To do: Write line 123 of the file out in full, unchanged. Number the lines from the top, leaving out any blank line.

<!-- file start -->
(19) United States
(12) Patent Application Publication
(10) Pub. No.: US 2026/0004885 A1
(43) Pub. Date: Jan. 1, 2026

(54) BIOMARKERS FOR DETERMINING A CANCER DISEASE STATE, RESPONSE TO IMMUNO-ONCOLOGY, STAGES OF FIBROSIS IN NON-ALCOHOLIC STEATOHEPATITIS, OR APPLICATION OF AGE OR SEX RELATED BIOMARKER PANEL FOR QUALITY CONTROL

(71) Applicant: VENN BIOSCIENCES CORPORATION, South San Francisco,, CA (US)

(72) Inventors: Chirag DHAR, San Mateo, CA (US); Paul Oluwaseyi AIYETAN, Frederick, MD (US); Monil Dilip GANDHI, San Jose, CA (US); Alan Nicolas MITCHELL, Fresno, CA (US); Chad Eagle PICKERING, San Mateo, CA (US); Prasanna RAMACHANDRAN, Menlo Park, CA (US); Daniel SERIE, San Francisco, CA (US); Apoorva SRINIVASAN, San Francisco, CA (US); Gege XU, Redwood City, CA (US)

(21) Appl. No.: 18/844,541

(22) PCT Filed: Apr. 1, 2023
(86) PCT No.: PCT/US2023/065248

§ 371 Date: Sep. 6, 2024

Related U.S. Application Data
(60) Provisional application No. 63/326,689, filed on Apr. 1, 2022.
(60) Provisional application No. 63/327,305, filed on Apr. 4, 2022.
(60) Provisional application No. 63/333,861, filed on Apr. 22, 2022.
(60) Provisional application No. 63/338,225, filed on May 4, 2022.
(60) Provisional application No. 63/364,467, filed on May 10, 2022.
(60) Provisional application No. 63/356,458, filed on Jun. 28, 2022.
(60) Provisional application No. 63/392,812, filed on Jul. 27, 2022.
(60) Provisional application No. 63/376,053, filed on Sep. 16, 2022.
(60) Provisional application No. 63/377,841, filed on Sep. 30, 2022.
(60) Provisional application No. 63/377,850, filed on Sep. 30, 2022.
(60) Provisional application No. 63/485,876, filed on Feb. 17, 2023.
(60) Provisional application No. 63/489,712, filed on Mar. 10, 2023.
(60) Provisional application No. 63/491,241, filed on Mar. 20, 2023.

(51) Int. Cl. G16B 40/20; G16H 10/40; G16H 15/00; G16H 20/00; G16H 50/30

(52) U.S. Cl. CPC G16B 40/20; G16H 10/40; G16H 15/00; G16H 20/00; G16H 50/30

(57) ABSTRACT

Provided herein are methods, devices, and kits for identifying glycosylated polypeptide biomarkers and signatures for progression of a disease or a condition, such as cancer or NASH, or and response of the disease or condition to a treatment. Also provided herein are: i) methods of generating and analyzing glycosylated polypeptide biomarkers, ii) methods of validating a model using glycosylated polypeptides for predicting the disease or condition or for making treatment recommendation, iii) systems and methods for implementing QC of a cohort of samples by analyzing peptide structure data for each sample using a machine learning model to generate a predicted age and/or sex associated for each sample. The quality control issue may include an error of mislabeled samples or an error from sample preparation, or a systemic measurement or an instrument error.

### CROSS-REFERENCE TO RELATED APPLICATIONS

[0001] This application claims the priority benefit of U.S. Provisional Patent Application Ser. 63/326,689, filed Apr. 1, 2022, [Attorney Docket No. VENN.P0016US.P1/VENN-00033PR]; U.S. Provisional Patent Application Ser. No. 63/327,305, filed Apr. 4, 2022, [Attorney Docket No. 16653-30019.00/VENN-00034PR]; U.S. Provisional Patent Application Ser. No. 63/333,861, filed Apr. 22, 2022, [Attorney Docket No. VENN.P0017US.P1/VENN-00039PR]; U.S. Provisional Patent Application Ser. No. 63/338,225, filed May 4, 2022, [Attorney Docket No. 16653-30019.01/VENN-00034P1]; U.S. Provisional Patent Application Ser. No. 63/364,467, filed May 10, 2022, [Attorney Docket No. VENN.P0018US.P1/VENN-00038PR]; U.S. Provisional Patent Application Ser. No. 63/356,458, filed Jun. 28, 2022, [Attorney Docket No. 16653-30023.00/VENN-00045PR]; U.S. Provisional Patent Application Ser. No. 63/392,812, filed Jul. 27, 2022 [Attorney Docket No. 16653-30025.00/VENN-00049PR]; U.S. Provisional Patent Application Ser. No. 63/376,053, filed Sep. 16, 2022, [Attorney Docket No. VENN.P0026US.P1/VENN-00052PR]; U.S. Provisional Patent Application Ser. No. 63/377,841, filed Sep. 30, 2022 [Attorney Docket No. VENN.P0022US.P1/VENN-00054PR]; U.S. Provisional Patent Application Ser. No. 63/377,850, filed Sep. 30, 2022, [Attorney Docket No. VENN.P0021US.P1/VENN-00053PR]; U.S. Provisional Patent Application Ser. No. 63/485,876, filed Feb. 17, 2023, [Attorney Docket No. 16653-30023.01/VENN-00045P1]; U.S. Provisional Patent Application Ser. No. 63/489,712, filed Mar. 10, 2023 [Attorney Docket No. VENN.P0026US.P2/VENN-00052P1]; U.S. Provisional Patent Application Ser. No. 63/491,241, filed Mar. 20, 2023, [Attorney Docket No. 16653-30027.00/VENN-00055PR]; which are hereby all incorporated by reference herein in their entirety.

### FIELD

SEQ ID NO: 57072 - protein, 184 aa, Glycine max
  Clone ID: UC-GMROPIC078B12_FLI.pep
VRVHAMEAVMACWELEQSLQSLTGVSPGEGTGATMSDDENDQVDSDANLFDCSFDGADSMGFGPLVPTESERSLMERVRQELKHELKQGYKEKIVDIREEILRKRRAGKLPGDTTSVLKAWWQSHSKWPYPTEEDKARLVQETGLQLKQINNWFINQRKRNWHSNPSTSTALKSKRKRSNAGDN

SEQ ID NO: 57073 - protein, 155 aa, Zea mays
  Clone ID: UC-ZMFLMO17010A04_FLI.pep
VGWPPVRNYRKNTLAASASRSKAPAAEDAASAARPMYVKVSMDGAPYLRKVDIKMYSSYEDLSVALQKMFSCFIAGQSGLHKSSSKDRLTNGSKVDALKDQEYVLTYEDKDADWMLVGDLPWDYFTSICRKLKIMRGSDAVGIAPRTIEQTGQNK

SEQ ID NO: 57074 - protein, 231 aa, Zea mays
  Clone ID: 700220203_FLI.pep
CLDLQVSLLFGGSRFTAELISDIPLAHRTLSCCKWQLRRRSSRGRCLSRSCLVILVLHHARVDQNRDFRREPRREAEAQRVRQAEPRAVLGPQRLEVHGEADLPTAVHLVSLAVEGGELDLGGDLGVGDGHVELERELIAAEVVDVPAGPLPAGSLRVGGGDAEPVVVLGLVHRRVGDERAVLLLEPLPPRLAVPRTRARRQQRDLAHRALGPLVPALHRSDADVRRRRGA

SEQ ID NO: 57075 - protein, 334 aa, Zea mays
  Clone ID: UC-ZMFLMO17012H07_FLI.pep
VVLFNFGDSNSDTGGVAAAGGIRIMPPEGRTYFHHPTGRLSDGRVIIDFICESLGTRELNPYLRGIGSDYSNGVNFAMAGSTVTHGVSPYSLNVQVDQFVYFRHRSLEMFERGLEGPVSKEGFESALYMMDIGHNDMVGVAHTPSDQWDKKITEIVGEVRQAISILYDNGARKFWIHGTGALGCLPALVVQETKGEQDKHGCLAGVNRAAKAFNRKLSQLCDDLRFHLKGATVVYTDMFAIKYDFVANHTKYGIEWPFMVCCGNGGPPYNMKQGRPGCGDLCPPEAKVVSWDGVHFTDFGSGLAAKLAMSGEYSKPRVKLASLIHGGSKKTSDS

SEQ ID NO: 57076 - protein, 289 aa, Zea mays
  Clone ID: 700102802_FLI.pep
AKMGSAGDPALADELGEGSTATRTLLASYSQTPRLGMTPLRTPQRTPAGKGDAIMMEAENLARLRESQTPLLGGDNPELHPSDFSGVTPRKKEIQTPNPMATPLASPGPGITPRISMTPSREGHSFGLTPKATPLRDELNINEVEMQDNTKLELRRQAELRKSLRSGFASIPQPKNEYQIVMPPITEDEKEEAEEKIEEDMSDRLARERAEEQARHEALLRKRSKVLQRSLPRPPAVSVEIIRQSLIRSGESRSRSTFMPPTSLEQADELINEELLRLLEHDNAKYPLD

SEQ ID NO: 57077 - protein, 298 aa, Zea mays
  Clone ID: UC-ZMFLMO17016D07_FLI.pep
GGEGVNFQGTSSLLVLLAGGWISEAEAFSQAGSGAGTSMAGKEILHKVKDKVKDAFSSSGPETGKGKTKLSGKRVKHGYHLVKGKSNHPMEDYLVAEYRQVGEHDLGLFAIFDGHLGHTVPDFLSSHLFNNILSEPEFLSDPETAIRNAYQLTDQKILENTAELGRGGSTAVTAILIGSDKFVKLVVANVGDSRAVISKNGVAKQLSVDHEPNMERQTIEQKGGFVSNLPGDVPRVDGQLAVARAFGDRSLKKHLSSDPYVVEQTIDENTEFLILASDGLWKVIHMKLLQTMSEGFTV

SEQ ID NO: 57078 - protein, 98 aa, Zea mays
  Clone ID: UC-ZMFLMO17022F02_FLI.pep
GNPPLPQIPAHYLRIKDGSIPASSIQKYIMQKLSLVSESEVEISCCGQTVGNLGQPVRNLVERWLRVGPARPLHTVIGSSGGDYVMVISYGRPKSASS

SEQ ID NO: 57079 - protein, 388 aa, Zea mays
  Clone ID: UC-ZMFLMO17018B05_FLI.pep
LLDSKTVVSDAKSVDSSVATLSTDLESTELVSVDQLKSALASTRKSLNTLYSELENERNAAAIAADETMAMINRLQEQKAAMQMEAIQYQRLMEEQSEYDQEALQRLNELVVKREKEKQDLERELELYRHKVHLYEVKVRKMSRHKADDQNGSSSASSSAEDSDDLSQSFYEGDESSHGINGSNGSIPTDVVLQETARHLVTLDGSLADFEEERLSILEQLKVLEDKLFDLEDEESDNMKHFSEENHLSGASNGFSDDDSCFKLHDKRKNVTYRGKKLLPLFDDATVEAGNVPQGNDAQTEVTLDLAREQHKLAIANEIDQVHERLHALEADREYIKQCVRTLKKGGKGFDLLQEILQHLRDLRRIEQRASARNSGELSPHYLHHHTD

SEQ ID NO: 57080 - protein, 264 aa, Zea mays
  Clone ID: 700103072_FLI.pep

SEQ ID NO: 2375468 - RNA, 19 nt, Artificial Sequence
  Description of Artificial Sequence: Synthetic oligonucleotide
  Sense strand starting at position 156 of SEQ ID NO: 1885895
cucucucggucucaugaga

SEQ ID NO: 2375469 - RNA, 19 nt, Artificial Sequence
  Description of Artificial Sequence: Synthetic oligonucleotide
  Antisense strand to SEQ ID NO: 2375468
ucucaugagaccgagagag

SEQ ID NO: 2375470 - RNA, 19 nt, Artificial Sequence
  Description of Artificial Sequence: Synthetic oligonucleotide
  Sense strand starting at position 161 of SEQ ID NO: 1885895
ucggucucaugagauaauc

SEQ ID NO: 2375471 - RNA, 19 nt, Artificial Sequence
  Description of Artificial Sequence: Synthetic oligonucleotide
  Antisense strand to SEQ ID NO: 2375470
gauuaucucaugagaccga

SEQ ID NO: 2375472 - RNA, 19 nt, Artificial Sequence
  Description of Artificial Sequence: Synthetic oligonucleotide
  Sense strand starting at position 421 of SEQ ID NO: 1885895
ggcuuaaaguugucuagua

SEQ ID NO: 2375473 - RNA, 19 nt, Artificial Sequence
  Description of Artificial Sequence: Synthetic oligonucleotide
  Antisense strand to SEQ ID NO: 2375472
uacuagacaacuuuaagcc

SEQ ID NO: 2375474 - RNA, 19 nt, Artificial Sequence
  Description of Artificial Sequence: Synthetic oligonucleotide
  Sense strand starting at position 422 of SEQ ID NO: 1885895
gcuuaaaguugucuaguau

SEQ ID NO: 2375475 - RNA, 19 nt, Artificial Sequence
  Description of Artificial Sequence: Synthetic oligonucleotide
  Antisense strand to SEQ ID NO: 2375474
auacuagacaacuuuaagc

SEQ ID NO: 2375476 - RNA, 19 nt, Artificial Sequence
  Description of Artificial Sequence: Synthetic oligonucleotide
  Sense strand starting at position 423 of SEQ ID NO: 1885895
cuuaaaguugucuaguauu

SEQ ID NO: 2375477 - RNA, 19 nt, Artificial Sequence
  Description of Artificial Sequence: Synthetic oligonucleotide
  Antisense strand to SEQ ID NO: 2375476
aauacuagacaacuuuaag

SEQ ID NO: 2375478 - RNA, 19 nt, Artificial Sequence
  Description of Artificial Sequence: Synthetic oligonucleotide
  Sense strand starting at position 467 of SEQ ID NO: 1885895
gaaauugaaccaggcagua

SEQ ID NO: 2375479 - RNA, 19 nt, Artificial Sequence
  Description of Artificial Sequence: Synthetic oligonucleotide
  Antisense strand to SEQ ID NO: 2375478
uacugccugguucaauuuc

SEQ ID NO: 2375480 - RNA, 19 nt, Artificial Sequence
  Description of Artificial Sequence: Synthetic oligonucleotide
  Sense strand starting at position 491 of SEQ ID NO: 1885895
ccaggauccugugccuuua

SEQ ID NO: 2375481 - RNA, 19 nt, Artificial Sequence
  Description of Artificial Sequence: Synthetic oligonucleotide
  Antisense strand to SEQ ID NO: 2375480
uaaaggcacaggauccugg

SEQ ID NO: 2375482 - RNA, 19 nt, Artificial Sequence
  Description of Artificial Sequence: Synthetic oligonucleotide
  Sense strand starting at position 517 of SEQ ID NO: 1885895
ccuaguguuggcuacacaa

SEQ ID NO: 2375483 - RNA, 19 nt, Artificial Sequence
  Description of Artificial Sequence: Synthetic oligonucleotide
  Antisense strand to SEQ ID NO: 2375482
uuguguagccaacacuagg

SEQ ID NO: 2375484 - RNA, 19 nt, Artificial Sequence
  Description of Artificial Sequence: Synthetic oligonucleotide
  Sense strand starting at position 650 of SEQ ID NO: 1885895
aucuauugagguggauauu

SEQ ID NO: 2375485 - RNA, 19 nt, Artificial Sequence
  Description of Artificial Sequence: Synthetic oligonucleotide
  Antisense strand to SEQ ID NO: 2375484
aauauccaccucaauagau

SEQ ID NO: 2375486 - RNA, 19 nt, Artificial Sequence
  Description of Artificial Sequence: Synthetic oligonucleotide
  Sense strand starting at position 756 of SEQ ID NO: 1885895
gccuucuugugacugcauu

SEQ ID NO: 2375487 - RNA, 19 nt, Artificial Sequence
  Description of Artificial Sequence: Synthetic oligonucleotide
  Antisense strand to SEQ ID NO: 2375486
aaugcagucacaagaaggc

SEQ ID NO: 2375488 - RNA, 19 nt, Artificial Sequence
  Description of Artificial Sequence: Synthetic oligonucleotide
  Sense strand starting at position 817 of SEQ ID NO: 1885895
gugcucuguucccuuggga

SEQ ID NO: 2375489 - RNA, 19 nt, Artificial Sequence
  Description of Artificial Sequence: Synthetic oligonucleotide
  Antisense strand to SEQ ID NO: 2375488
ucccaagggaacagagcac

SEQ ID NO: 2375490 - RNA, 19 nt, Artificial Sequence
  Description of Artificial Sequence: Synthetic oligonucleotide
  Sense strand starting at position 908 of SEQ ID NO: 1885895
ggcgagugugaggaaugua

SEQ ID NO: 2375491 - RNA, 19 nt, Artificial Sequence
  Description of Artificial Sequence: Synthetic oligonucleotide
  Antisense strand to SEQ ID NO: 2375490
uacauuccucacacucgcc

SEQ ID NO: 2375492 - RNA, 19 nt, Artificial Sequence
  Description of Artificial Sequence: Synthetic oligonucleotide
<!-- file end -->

SEQ ID NO: 2375484 - RNA, 19 nt, Artificial Sequence